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Mayweather stopped Manfredy in the second round.
With his first world championship in the bag, the level of competition for Floyd Mayweather Jr. inevitably began to rise. He would defend his WBC super featherweight championship successfully eight times.
No. 19: Angel Manfredy (WBC Super Featherweight Championship)
Dec. 19, 1998
Angel Manfredy was a top contender in the 130-pound division who hadn't lost a fight in four years and was coming off the biggest win of his career, an eighth-round TKO of Arturo Gatti, earlier that year.
Mayweather blitzed Manfredy and knocked him out in dominating fashion in the second round.
No. 20: Carlos Alberto Ramon Rios (WBC Super Featherweight Championship)
Feb. 17, 1999
Rios certainly had enough names. But he didn't have nearly enough skill in the ring to defeat Floyd Mayweather. He did, however, extend him the full 12 rounds for the first time in his career losing a unanimous decision by scores of 120-109, 120-110 and 119-108.
No. 21: Justin Juuko (WBC Super Featherweight Championship)
May 22, 1999
Juuko was a solid power-puncher from Uganda. But Mayweather was in another league, stopping him by ninth-round TKO in his third defense of his 130-pound title.
No. 22: Carlos Gerena (WBC Super Featherweight Championship)
Sept. 11, 1999
Gerena was in his second attempt to win the WBC 130-pound title, having lost to Genaro Hernandez in 1998. He was at least competitive against Hernandez. He lost every round to Floyd Mayweather Jr. en route to a corner stoppage in the seventh round.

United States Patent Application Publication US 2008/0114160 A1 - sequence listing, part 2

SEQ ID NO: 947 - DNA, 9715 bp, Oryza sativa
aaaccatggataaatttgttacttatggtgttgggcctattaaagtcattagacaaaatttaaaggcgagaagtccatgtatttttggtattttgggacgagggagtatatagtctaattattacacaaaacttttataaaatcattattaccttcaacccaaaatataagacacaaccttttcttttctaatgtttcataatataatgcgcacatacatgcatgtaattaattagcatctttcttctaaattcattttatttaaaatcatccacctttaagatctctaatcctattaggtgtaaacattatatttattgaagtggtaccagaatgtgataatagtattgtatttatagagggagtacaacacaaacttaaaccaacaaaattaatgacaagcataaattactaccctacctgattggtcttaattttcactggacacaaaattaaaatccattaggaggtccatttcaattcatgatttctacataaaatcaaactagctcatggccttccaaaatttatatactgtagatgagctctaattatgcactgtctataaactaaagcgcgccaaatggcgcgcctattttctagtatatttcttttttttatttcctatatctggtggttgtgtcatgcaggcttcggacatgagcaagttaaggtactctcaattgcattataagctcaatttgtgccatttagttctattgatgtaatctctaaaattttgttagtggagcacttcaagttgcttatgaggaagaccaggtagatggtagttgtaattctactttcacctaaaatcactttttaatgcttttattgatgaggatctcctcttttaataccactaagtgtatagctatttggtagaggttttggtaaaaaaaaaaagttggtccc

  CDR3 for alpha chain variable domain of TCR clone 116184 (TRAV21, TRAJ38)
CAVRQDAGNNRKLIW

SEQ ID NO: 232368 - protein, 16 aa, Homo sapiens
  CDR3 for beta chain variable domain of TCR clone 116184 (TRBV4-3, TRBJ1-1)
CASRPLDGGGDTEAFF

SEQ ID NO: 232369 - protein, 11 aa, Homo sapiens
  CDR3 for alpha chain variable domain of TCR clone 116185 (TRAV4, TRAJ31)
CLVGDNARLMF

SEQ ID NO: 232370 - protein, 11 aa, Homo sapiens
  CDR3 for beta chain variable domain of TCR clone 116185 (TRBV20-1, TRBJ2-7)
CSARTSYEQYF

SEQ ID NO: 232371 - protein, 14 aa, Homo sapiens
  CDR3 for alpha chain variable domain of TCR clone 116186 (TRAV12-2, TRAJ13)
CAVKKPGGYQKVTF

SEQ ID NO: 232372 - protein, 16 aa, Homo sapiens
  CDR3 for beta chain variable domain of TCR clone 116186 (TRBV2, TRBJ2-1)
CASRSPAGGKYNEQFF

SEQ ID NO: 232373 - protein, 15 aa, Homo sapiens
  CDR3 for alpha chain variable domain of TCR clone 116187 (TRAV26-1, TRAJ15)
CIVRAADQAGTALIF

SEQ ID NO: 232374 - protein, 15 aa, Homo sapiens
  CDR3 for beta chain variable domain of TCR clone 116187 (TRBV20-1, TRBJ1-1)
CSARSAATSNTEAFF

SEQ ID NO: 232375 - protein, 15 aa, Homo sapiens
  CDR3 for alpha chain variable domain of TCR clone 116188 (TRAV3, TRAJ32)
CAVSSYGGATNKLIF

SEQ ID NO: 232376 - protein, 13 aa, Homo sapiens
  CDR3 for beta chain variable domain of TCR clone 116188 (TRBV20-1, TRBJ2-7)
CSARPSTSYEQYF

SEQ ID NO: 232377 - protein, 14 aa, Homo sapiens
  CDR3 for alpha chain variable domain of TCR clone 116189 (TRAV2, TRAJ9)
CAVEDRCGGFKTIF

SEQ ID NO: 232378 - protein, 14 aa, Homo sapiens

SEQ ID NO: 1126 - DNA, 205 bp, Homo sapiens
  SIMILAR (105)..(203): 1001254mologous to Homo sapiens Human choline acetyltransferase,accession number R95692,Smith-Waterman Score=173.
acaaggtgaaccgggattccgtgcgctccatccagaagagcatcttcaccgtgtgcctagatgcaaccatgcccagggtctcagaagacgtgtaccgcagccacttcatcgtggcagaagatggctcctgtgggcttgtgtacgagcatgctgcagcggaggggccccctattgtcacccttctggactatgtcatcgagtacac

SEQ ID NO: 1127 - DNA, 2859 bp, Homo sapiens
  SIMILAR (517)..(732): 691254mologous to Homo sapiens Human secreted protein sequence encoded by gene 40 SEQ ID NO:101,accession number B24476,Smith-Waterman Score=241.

No. 23: Gregorio "Goyo" Vargas (WBC Super Featherweight Championship)
March 18, 2000
Vargas was a former WBC featherweight champion who fought hard against Mayweather. He just didn't have the speed or firepower to compete with someone on that level. This is the famous fight where Mayweather turned from the action in the 10th round to correct Jim Lampley's declaration that he had turned southpaw twice in the fight.
Vargas was down in the sixth round and lost a unanimous decision by scores of 119-108 twice and 118-109.
No. 24: Emanuel Augustus
Oct. 21, 2000
Don't let his record fool you. Augustus was widely considered one of the toughest guys in boxing to fight. He's fought virtually everyone—check out his record—and more often than not gives a good accounting of himself.
Before facing Miguel Cotto this year, Floyd Mayweather frequently referred to Augustus as his toughest opponent. And Mayweather did what he does—he won, by ninth round TKO. But it wasn't easy or pretty.